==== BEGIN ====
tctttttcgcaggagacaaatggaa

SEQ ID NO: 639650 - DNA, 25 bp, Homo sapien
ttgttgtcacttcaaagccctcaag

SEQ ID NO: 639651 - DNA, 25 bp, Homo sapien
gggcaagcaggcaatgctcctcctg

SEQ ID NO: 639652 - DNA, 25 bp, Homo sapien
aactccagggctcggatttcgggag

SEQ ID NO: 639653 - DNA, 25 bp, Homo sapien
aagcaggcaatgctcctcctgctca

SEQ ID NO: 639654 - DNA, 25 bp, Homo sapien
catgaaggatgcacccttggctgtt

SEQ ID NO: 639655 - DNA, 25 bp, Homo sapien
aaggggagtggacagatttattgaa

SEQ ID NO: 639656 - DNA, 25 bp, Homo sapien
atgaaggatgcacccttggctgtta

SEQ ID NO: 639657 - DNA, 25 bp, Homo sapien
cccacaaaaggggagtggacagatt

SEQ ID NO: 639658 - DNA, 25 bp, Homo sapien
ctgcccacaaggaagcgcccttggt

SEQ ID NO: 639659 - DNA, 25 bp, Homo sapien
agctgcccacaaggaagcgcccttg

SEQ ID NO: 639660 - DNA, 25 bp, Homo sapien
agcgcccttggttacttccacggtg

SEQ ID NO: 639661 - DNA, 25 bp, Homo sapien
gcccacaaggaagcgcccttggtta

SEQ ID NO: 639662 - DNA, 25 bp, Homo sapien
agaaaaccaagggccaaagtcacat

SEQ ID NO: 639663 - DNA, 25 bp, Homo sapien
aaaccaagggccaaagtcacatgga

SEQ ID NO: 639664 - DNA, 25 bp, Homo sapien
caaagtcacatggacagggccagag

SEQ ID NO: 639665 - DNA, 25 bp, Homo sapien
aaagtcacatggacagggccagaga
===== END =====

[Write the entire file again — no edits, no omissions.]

tctttttcgcaggagacaaatggaa

SEQ ID NO: 639650 - DNA, 25 bp, Homo sapien
ttgttgtcacttcaaagccctcaag

SEQ ID NO: 639651 - DNA, 25 bp, Homo sapien
gggcaagcaggcaatgctcctcctg

SEQ ID NO: 639652 - DNA, 25 bp, Homo sapien
aactccagggctcggatttcgggag

SEQ ID NO: 639653 - DNA, 25 bp, Homo sapien
aagcaggcaatgctcctcctgctca

SEQ ID NO: 639654 - DNA, 25 bp, Homo sapien
catgaaggatgcacccttggctgtt

SEQ ID NO: 639655 - DNA, 25 bp, Homo sapien
aaggggagtggacagatttattgaa

SEQ ID NO: 639656 - DNA, 25 bp, Homo sapien
atgaaggatgcacccttggctgtta

SEQ ID NO: 639657 - DNA, 25 bp, Homo sapien
cccacaaaaggggagtggacagatt

SEQ ID NO: 639658 - DNA, 25 bp, Homo sapien
ctgcccacaaggaagcgcccttggt

SEQ ID NO: 639659 - DNA, 25 bp, Homo sapien
agctgcccacaaggaagcgcccttg

SEQ ID NO: 639660 - DNA, 25 bp, Homo sapien
agcgcccttggttacttccacggtg

SEQ ID NO: 639661 - DNA, 25 bp, Homo sapien
gcccacaaggaagcgcccttggtta

SEQ ID NO: 639662 - DNA, 25 bp, Homo sapien
agaaaaccaagggccaaagtcacat

SEQ ID NO: 639663 - DNA, 25 bp, Homo sapien
aaaccaagggccaaagtcacatgga

SEQ ID NO: 639664 - DNA, 25 bp, Homo sapien
caaagtcacatggacagggccagag

SEQ ID NO: 639665 - DNA, 25 bp, Homo sapien
aaagtcacatggacagggccagaga